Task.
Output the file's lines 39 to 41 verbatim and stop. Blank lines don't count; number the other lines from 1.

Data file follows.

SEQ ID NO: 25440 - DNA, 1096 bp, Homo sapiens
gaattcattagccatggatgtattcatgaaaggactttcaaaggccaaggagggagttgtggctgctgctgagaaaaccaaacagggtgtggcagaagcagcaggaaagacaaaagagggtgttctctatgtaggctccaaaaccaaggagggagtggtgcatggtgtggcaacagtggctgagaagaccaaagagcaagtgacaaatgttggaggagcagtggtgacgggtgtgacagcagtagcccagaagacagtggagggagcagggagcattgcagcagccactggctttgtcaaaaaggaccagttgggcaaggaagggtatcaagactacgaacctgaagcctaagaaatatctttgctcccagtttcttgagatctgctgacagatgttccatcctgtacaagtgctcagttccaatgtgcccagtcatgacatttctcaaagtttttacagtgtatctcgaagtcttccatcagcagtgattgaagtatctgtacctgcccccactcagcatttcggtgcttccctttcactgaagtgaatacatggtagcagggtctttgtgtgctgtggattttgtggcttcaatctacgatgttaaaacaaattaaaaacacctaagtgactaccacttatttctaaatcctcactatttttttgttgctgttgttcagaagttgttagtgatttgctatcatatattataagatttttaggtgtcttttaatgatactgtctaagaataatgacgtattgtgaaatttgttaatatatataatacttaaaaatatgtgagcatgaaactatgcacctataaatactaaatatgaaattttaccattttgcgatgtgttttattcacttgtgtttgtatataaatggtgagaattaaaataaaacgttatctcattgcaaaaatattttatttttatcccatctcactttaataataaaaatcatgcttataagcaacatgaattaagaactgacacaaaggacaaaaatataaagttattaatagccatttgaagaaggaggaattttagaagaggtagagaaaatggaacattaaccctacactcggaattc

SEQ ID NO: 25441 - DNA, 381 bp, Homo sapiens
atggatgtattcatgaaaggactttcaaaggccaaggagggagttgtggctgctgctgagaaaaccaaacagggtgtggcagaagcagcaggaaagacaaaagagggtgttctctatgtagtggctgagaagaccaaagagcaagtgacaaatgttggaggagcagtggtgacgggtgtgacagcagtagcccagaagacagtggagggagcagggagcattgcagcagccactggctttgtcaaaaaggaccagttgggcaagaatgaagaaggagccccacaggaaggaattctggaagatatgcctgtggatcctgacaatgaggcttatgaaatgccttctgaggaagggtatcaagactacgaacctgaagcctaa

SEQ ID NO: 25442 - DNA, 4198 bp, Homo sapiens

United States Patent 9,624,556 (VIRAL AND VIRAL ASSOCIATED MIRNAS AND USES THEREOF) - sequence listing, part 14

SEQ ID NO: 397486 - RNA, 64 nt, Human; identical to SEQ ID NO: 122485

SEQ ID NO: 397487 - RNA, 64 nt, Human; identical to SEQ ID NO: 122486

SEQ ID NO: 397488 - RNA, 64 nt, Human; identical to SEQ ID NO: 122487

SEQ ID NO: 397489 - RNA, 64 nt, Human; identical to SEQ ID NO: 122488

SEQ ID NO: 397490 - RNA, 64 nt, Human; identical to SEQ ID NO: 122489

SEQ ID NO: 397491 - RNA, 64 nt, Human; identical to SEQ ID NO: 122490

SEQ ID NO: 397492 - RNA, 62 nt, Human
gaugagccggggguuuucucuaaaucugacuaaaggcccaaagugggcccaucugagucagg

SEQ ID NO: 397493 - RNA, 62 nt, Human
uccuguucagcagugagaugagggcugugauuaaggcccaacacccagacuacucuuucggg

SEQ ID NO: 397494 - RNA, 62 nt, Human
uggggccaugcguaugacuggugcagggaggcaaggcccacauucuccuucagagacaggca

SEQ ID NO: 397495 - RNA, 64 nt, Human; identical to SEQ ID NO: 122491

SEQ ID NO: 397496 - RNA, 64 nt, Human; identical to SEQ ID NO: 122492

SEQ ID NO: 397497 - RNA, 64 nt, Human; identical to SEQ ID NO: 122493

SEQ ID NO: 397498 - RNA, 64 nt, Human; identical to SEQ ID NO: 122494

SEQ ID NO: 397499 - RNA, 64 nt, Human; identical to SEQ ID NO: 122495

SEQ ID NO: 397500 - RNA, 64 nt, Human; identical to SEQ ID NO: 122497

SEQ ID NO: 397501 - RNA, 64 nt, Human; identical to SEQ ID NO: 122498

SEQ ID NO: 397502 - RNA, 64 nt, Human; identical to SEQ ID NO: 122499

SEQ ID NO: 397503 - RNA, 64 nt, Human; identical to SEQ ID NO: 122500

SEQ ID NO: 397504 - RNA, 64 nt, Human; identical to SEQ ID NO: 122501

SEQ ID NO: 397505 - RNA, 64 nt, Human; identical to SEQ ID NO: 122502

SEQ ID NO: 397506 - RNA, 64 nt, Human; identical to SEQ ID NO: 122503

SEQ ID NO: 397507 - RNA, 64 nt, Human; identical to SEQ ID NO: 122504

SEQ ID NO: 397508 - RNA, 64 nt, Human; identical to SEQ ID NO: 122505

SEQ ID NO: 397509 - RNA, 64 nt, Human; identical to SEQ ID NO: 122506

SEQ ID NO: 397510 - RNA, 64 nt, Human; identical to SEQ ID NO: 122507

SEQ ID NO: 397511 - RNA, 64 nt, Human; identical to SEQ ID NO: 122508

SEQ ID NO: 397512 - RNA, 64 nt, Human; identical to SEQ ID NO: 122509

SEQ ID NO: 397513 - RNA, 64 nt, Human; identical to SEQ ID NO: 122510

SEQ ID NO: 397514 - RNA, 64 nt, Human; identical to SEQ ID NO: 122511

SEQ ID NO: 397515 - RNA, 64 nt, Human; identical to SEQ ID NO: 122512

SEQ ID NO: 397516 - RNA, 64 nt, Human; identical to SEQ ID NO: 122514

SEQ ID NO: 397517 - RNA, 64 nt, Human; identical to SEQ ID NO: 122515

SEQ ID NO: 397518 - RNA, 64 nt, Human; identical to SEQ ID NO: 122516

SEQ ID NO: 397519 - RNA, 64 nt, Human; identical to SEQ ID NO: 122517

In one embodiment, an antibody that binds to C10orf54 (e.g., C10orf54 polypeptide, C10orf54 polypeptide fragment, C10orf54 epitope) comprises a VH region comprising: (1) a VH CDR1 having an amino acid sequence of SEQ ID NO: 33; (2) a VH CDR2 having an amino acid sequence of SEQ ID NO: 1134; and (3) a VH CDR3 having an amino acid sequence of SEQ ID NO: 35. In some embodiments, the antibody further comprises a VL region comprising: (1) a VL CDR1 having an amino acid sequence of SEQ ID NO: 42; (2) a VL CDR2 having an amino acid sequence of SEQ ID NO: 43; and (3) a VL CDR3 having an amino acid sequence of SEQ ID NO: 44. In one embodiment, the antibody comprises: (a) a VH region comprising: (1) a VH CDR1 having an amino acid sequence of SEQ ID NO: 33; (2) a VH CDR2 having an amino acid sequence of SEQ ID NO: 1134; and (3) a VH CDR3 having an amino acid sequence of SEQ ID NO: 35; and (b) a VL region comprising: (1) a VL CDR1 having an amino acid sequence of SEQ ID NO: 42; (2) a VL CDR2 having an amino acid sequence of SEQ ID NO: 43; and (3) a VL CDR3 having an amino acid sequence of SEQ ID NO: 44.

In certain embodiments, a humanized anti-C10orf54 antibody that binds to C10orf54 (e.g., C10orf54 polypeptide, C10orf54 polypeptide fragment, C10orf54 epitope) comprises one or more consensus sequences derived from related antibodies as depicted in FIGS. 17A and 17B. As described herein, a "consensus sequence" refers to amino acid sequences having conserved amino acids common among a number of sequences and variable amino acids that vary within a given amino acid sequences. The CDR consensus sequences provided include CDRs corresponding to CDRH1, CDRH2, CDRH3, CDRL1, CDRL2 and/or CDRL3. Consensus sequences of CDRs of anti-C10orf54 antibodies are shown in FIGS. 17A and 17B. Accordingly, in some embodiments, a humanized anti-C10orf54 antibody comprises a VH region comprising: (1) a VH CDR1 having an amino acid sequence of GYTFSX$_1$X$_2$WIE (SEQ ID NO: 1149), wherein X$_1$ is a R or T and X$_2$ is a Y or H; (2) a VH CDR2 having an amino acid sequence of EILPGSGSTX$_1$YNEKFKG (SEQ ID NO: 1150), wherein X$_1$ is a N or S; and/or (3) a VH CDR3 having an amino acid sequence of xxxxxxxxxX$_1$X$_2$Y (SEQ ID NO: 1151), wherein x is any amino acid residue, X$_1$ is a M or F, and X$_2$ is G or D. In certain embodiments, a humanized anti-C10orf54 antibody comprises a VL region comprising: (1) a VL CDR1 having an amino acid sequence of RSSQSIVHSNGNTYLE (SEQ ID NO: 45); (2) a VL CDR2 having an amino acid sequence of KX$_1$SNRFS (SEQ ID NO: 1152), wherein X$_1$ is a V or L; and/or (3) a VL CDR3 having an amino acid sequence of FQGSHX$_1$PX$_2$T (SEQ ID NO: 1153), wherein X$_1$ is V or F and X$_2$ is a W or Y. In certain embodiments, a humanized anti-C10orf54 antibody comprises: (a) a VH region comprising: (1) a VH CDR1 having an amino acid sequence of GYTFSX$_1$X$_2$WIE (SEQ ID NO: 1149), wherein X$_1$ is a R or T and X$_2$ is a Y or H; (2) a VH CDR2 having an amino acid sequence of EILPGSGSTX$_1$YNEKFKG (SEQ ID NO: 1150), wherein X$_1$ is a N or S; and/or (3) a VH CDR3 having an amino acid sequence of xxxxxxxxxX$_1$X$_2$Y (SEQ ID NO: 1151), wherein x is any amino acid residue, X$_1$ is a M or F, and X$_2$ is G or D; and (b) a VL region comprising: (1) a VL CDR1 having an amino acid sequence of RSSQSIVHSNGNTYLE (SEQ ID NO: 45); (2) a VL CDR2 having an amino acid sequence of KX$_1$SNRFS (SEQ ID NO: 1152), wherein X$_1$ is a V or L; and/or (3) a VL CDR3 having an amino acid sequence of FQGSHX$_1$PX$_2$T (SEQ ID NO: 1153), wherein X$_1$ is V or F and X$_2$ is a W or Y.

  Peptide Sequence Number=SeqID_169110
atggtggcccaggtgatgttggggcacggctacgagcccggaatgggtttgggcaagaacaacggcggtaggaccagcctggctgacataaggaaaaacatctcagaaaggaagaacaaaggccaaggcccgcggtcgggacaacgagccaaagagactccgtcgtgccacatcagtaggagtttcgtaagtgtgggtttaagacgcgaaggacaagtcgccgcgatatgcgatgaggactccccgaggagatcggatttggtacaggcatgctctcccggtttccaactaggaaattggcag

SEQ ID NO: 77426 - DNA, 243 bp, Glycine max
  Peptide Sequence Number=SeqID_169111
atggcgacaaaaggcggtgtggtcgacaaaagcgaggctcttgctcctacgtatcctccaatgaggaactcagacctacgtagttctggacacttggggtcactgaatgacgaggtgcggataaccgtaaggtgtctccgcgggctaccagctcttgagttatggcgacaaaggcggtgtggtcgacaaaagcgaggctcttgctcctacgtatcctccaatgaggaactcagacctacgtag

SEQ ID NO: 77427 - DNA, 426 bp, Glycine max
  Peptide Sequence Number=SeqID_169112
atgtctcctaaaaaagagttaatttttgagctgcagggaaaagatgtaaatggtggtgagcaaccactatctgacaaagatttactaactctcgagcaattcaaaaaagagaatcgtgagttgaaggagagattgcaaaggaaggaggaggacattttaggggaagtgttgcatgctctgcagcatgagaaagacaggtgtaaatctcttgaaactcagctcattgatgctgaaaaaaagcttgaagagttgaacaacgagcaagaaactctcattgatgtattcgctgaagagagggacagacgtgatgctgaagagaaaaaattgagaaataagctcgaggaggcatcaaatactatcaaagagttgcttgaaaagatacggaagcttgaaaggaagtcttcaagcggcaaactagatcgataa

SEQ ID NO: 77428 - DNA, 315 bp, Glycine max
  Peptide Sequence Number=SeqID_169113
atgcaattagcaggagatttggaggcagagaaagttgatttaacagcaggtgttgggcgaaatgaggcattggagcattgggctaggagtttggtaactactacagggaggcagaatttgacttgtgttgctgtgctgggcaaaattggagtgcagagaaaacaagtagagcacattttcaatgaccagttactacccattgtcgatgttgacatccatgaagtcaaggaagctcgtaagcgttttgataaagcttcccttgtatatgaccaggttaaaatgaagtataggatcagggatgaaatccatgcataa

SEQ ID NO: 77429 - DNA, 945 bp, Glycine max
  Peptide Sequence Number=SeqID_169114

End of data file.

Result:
SEQ ID NO: 397515 - RNA, 64 nt, Human; identical to SEQ ID NO: 122512

SEQ ID NO: 397516 - RNA, 64 nt, Human; identical to SEQ ID NO: 122514

SEQ ID NO: 397517 - RNA, 64 nt, Human; identical to SEQ ID NO: 122515